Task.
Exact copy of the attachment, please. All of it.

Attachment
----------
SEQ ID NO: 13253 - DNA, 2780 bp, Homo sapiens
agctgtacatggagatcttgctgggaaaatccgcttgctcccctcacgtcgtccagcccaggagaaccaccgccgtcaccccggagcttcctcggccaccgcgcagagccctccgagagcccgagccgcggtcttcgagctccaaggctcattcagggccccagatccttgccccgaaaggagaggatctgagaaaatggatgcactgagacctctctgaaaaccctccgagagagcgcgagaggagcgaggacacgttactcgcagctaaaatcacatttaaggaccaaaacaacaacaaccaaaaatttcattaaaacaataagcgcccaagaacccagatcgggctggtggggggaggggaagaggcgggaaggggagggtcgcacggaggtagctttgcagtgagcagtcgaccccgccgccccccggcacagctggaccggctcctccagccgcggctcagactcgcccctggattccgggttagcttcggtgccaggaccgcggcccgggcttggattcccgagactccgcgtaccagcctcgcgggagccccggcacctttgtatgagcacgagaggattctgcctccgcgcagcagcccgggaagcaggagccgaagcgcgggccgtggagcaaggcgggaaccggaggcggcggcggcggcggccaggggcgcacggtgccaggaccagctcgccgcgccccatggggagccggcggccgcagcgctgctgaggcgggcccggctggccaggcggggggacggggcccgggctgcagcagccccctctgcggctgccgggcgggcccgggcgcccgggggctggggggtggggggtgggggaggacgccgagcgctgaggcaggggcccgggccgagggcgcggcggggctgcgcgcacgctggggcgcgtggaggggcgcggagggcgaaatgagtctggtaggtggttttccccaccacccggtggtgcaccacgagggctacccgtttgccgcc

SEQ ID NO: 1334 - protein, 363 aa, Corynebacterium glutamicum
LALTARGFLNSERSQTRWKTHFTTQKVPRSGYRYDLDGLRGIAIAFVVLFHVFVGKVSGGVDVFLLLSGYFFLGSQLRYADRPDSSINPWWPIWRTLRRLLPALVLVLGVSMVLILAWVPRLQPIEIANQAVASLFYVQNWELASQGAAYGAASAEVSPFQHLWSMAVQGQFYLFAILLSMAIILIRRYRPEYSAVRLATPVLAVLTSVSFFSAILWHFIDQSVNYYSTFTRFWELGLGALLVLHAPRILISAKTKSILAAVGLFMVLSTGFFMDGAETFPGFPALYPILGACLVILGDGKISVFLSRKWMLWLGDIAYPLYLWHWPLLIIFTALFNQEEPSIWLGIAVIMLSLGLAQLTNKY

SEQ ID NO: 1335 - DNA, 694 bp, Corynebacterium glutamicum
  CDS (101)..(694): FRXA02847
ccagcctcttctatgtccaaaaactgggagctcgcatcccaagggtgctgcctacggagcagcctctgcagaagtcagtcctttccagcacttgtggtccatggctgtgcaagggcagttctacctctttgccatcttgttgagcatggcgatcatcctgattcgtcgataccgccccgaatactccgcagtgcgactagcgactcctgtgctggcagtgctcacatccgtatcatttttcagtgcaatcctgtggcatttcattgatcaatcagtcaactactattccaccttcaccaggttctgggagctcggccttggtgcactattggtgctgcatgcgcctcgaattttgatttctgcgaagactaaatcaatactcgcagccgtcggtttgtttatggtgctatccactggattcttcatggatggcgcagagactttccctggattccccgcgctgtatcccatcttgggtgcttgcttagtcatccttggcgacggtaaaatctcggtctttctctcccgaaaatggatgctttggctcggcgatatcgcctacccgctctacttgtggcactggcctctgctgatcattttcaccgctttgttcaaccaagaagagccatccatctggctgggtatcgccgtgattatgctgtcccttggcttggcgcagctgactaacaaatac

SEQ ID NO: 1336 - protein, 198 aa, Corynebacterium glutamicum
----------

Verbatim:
SEQ ID NO: 13253 - DNA, 2780 bp, Homo sapiens
agctgtacatggagatcttgctgggaaaatccgcttgctcccctcacgtcgtccagcccaggagaaccaccgccgtcaccccggagcttcctcggccaccgcgcagagccctccgagagcccgagccgcggtcttcgagctccaaggctcattcagggccccagatccttgccccgaaaggagaggatctgagaaaatggatgcactgagacctctctgaaaaccctccgagagagcgcgagaggagcgaggacacgttactcgcagctaaaatcacatttaaggaccaaaacaacaacaaccaaaaatttcattaaaacaataagcgcccaagaacccagatcgggctggtggggggaggggaagaggcgggaaggggagggtcgcacggaggtagctttgcagtgagcagtcgaccccgccgccccccggcacagctggaccggctcctccagccgcggctcagactcgcccctggattccgggttagcttcggtgccaggaccgcggcccgggcttggattcccgagactccgcgtaccagcctcgcgggagccccggcacctttgtatgagcacgagaggattctgcctccgcgcagcagcccgggaagcaggagccgaagcgcgggccgtggagcaaggcgggaaccggaggcggcggcggcggcggccaggggcgcacggtgccaggaccagctcgccgcgccccatggggagccggcggccgcagcgctgctgaggcgggcccggctggccaggcggggggacggggcccgggctgcagcagccccctctgcggctgccgggcgggcccgggcgcccgggggctggggggtggggggtgggggaggacgccgagcgctgaggcaggggcccgggccgagggcgcggcggggctgcgcgcacgctggggcgcgtggaggggcgcggagggcgaaatgagtctggtaggtggttttccccaccacccggtggtgcaccacgagggctacccgtttgccgcc

SEQ ID NO: 1334 - protein, 363 aa, Corynebacterium glutamicum
LALTARGFLNSERSQTRWKTHFTTQKVPRSGYRYDLDGLRGIAIAFVVLFHVFVGKVSGGVDVFLLLSGYFFLGSQLRYADRPDSSINPWWPIWRTLRRLLPALVLVLGVSMVLILAWVPRLQPIEIANQAVASLFYVQNWELASQGAAYGAASAEVSPFQHLWSMAVQGQFYLFAILLSMAIILIRRYRPEYSAVRLATPVLAVLTSVSFFSAILWHFIDQSVNYYSTFTRFWELGLGALLVLHAPRILISAKTKSILAAVGLFMVLSTGFFMDGAETFPGFPALYPILGACLVILGDGKISVFLSRKWMLWLGDIAYPLYLWHWPLLIIFTALFNQEEPSIWLGIAVIMLSLGLAQLTNKY

SEQ ID NO: 1335 - DNA, 694 bp, Corynebacterium glutamicum
  CDS (101)..(694): FRXA02847
ccagcctcttctatgtccaaaaactgggagctcgcatcccaagggtgctgcctacggagcagcctctgcagaagtcagtcctttccagcacttgtggtccatggctgtgcaagggcagttctacctctttgccatcttgttgagcatggcgatcatcctgattcgtcgataccgccccgaatactccgcagtgcgactagcgactcctgtgctggcagtgctcacatccgtatcatttttcagtgcaatcctgtggcatttcattgatcaatcagtcaactactattccaccttcaccaggttctgggagctcggccttggtgcactattggtgctgcatgcgcctcgaattttgatttctgcgaagactaaatcaatactcgcagccgtcggtttgtttatggtgctatccactggattcttcatggatggcgcagagactttccctggattccccgcgctgtatcccatcttgggtgcttgcttagtcatccttggcgacggtaaaatctcggtctttctctcccgaaaatggatgctttggctcggcgatatcgcctacccgctctacttgtggcactggcctctgctgatcattttcaccgctttgttcaaccaagaagagccatccatctggctgggtatcgccgtgattatgctgtcccttggcttggcgcagctgactaacaaatac

SEQ ID NO: 1336 - protein, 198 aa, Corynebacterium glutamicum